Japan’s Slow Suicide

WASHINGTON – Japan is slowly sinking. This is due to the impact of many self-inflicted wounds, starting with the collapse of fertility rates. “Civilizations die from suicide, not by murder.”, wrote revered British historian Arnold Toynbee. Considering that not enough babies eventually means the death of a society, his words truly apply to Japan. Indeed, as baffling as this may sound, it is true that civilizations implode for non material causes. Their demise is not due to wars or natural catastrophes. It is about lack of confidence in the future that brings about loss of vigor and optimism.

From greatness to decline

And this is today’s Japan. And what is most remarkable is how fast Japan changed from its role of unchallenged Asian Superstar to yet another “has-been” case. Think about it. Throughout the 1980s Japan was the shining example that demonstrated to the entire world the triumph of “Asian Values”. At that time it was thought that Japan had the skills, the drive and the determination that would have allowed it to surpass America as the leading global economic power.

Not enough babies

But now Japan is one of the best examples of a civilization’s “slow motion suicide”. High debt, massive public spending and slow growth point to a bleak future. While there are many factors contributing to this picture, the most visible is the incredible collapse of fertility rates, (average of 1.39 children per woman) . Very few children and extended life expectancy for older Japanese mean a net population decline (minus 244,000 in 2013), and a society that will soon resemble a giant geriatric ward. And this is not a temporary phenomenon. This decline has ben going on since the 1970s.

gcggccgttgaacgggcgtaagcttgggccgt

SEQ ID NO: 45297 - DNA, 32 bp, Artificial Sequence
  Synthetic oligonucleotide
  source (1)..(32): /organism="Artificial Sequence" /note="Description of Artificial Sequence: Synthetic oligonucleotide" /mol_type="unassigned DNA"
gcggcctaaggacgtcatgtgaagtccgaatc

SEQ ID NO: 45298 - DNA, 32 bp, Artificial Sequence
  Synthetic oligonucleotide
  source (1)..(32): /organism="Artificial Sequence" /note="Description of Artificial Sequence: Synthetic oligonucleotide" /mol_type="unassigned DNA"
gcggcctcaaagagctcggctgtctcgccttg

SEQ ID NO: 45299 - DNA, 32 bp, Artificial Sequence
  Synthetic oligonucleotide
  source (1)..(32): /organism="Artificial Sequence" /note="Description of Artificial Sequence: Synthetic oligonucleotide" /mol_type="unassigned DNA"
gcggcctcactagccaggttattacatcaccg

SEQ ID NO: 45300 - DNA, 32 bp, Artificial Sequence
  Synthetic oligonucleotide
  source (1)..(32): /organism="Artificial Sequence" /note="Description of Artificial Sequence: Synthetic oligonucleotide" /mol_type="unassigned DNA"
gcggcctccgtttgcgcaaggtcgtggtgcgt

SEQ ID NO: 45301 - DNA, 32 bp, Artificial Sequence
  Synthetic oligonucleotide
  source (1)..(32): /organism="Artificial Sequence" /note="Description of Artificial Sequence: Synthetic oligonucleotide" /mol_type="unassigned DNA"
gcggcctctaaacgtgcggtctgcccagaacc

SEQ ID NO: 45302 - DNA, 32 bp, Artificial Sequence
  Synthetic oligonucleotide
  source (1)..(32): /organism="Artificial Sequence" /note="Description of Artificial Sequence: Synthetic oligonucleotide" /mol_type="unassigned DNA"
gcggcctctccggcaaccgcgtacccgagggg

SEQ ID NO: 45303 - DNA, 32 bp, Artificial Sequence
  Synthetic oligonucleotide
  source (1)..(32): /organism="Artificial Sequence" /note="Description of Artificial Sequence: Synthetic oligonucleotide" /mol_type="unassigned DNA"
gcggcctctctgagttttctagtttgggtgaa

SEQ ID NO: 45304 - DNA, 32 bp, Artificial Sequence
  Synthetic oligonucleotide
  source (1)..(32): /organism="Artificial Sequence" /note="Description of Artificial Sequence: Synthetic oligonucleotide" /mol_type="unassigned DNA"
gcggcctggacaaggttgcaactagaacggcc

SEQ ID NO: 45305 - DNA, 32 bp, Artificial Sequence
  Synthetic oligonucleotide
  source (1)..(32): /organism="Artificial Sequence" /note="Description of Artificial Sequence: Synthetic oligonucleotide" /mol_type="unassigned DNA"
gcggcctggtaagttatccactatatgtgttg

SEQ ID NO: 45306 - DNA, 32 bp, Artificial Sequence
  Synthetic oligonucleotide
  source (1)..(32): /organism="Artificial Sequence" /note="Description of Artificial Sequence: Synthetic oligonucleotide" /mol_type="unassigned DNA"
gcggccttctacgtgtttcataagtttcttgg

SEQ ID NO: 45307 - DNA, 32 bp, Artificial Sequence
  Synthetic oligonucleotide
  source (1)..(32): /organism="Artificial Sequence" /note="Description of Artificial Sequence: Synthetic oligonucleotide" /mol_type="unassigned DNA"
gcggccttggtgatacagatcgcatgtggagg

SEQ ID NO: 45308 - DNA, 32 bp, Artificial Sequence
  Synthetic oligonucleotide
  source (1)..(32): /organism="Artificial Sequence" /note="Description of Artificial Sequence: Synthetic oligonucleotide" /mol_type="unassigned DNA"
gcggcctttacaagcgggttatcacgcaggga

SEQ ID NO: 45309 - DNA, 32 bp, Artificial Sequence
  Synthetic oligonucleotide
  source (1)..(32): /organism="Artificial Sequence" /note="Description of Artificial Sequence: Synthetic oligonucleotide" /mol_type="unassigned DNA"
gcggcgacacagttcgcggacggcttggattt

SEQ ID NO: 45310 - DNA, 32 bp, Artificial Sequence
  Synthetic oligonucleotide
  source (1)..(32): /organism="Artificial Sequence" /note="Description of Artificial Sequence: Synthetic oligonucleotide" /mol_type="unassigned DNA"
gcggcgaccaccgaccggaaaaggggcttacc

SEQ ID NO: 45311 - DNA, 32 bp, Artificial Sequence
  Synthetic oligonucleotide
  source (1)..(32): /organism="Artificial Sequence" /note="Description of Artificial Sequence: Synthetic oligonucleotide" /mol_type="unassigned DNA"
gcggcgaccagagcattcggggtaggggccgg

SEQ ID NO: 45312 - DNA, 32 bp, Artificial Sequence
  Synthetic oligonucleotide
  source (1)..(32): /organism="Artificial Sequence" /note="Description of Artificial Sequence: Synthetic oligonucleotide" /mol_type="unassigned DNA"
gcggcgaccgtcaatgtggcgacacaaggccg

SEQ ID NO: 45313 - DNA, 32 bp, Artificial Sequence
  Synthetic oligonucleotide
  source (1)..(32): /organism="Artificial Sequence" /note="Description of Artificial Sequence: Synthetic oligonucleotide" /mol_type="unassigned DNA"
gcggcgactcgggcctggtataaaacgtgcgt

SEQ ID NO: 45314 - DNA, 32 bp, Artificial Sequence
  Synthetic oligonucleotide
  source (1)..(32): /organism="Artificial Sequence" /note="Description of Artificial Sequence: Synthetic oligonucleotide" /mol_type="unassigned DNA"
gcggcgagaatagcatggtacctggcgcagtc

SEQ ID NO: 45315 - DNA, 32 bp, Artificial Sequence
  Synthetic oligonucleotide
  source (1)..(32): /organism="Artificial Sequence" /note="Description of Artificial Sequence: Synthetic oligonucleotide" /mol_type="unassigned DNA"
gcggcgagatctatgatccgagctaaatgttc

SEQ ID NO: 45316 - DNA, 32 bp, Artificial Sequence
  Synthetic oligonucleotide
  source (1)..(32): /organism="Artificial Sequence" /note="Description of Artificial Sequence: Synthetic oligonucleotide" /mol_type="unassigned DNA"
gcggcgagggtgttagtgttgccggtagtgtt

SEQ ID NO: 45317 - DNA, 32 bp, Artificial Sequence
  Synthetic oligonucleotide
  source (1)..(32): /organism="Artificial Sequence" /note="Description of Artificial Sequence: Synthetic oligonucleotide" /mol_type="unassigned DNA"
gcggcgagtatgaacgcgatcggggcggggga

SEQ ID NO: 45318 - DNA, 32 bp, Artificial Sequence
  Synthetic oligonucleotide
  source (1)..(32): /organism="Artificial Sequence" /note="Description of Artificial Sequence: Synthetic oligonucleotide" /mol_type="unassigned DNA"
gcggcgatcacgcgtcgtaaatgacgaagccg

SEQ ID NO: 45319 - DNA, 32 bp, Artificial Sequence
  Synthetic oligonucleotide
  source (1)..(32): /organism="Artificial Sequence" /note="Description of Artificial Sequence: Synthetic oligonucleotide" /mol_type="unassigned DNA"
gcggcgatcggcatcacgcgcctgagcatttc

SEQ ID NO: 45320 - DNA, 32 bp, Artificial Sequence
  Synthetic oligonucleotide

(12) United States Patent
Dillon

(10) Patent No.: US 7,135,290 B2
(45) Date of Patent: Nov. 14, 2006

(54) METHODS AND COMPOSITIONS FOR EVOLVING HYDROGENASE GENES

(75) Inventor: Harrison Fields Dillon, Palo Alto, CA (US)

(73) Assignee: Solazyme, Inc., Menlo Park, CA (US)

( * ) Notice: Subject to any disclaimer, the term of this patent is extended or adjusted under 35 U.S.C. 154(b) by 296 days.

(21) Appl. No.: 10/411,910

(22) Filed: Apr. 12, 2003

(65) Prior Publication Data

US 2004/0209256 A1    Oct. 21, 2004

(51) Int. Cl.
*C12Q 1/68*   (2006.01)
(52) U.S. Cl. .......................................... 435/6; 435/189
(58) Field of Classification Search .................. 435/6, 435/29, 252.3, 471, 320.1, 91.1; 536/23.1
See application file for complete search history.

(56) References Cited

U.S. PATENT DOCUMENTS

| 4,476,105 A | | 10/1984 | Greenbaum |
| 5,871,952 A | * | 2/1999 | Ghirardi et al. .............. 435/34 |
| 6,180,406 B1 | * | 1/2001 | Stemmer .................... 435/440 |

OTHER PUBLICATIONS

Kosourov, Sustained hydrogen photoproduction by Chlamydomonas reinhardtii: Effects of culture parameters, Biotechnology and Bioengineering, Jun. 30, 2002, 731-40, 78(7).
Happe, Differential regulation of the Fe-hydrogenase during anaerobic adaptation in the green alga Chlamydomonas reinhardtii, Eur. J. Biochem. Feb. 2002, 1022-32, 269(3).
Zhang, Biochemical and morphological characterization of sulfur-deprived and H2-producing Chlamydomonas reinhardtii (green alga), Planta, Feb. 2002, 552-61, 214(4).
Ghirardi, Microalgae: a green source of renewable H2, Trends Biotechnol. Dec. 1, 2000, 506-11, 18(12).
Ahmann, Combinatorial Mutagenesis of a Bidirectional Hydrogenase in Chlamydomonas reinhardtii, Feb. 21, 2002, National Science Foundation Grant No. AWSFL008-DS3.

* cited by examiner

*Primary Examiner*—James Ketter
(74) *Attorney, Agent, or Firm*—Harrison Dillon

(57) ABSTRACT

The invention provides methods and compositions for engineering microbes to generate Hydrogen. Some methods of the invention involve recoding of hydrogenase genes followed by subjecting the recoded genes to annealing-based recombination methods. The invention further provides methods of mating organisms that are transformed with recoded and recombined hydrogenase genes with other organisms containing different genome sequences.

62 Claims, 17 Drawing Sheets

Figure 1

Population decline

Indeed, a study by the Japanese Ministry of Health and Welfare indicates that, if the country keeps its present  demographic trends, by 2060 Japan’s total population will go from 127 million down to 87 million, of which 40% will be 65 or older. This is a real catastrophe.

Very few workers, many pensioners

Imagine the implications of this shrinkage. Japan will have a substantially reduced work force, and this is bad news for future economic expansion. At the same time, there will be a need to increase public spending for more and longer lasting old age pensions. Likewise, many more senior citizens mean higher health care and nursing home costs due to the needs of millions of old people who cannot rely on a social safety net provided by large extended families. The sad truth is that millions of elderly Japanese live alone.

Larger welfare programs, more debt

In all this, please remember that Japan already has –today– a monstrous public debt, now 240% of GDP.  A reduced working population will translate in reduced tax revenue, while the state will have to keep or even enlarge all its welfare programs in order to provide for tens of millions of older Japanese. This means even more spending and therefore more debt. And it also means that most of Japan’s financial resources will be devoted to support the elderly. Where will the money for R&D and therefore new economic growth come from?